This was a good lesson that should have sent a clear message. Wouldn’t it make more sense to find out what is acceptable to residents after providing them with all of the relevant information and facts before charging off to rewrite a land-use change? After all, this is the hallmark of Community Consultation. There were many complaints about the integrity of the last Community Satisfaction Survey: let’s not repeat it.
It’s very poor planning and management to consult the public at late stages of a suggested dramatic change to Oak Bay, not to mention it’s being disrespectful. It is also poor planning to hold resident surveys and town hall meetings after priority sessions unless, of course, Council clearly intends to address what residents have clearly indicated are their concerns and priorities.
Appendix # 1
Oak Bay News October 17, 2018
On page # all members of the current Council explained that they understood what the necessary priorities were to improve how the district was governed. These ranged through: the infrastructure crisis, controlling taxes, addressing zoning issues, transparency, and public consultation. Most candidates stated that they and their supporters had gone door-to-door to listen and speak with residents. Therefore it can be can be assumed these priorities have not changed in little over a month – Why would the same Councillors want to spend $30, 000 to find out the priorities Council members have said they already know?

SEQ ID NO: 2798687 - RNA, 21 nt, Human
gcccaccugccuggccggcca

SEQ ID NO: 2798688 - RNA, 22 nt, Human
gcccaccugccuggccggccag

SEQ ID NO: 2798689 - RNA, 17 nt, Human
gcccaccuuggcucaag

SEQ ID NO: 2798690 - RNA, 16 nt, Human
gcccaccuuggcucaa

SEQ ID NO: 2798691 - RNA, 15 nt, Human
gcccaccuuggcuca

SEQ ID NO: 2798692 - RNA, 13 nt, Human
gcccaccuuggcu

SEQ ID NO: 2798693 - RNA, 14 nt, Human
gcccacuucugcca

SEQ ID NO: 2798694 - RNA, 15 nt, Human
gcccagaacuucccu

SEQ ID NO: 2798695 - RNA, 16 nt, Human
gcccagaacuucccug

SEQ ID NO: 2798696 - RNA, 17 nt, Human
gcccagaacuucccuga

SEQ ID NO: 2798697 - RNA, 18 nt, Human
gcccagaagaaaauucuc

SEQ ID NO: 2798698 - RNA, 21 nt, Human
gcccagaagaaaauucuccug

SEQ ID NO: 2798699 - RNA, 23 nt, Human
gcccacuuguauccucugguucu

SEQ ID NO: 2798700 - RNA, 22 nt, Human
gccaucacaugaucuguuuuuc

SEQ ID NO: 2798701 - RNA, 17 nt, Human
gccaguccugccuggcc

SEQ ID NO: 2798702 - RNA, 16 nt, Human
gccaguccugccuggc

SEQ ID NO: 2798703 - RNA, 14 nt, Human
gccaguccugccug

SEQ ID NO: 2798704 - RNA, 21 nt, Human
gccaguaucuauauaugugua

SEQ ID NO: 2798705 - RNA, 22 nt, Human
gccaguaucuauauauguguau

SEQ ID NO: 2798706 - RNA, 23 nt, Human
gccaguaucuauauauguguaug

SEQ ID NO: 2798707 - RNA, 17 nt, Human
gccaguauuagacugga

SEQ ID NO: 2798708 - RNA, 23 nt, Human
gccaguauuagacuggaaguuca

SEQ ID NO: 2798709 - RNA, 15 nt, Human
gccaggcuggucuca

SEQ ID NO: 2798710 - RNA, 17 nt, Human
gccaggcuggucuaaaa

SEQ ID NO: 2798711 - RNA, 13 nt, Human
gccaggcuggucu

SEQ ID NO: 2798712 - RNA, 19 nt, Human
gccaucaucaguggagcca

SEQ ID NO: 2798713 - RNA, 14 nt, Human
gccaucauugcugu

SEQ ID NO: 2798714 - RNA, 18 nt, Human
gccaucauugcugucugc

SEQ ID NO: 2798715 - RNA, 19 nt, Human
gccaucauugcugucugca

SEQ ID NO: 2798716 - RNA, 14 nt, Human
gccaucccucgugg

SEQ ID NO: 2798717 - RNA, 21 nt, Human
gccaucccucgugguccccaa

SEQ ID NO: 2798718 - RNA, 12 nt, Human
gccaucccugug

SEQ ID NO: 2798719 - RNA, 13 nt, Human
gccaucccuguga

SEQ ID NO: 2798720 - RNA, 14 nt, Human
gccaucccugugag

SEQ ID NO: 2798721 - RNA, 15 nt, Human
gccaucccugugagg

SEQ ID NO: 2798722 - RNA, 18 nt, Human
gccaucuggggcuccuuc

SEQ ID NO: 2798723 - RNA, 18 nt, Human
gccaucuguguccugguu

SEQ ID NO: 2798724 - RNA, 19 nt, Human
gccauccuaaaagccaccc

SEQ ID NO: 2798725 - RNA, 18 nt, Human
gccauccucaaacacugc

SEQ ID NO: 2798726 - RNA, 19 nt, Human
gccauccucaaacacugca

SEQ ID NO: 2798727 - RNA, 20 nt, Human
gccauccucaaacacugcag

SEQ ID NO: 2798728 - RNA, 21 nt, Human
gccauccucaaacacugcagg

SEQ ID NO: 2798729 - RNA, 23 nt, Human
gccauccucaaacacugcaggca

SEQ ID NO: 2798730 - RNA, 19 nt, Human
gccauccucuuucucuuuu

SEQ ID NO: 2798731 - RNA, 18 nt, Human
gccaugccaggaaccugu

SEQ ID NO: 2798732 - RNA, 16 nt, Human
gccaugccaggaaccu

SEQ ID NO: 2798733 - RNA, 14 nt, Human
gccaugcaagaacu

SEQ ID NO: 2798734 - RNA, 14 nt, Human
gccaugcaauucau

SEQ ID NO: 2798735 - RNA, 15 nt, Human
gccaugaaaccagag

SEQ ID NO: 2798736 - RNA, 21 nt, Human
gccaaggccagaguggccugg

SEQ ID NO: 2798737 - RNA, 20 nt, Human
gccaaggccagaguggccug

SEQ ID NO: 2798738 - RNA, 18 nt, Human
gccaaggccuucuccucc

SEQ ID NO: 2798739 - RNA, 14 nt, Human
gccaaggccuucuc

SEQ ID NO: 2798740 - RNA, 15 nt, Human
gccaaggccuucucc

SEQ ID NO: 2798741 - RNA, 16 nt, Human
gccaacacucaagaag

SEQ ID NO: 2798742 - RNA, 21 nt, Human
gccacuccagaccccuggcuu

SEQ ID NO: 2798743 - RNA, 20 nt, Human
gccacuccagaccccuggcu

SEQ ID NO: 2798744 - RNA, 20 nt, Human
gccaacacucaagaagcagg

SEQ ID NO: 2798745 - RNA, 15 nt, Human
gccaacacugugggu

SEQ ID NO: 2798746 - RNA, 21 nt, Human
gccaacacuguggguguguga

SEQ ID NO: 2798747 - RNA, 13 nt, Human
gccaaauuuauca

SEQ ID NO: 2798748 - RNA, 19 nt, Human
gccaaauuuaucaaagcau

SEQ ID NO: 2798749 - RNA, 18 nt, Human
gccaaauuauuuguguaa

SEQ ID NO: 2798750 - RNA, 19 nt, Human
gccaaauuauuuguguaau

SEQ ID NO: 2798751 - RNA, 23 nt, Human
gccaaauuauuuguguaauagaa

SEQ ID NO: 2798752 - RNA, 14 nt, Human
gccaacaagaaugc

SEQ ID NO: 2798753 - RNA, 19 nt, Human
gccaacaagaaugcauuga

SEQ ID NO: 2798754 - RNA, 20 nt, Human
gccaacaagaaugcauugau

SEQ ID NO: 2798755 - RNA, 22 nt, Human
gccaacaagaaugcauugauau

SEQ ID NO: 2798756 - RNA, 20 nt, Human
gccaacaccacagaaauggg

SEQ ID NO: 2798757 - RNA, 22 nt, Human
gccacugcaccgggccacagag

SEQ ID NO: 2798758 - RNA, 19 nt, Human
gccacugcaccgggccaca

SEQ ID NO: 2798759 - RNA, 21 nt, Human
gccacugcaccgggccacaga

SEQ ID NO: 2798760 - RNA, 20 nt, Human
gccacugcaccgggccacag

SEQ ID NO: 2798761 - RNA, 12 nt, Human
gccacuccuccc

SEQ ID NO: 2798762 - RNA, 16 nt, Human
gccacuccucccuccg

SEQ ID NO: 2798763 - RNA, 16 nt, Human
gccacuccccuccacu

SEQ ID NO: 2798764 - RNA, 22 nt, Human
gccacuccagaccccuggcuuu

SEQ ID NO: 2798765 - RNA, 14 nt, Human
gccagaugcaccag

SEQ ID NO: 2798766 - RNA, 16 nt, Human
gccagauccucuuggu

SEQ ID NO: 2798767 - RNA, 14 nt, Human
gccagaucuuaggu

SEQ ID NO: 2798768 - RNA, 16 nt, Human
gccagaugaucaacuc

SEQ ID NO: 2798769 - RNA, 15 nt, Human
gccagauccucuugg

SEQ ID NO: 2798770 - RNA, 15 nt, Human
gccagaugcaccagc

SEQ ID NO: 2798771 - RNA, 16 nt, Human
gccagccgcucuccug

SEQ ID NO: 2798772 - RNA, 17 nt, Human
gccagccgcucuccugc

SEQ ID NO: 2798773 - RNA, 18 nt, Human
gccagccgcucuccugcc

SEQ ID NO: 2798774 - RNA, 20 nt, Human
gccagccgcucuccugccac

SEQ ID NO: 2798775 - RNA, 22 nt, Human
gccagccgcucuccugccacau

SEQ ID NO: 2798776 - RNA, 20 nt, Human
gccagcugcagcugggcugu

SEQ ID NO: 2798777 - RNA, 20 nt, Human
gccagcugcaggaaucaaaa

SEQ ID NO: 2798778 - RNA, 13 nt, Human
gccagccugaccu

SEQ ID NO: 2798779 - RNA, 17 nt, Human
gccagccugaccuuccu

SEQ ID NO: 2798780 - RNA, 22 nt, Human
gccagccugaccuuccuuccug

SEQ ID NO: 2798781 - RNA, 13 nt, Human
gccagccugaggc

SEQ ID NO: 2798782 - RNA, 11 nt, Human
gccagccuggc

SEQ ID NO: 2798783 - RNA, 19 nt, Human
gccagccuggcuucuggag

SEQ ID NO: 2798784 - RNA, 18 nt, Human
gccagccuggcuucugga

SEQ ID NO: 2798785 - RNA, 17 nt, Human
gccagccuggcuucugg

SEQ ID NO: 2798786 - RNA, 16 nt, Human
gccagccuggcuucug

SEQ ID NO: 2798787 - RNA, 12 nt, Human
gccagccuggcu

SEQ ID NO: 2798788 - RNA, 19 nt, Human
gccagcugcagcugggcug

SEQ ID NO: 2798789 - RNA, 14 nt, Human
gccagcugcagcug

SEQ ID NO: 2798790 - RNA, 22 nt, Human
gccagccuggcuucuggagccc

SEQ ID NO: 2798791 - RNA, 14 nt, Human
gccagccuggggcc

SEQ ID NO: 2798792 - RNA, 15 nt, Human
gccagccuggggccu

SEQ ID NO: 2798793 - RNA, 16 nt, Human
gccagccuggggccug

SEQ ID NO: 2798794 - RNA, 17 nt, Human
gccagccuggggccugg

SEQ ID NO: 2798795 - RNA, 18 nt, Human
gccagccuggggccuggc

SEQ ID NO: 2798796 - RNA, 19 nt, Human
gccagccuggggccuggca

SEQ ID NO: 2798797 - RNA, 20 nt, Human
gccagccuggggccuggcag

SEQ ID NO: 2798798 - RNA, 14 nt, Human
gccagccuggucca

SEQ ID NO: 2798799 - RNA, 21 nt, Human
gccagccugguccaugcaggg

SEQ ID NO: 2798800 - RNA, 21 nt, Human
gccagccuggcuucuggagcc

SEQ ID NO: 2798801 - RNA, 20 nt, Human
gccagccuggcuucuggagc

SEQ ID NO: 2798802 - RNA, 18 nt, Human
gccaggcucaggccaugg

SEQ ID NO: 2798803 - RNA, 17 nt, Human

Appendix # 2
An Independent Resident Analysis of the District of Oak Bay’s Fall 2016 Community Satisfaction Survey
The District conducted a Random Sample Survey of 414 residents via cold call telephone interviewing. The District also permitted interested residents to respond to the survey online. 105 people responded to the survey online.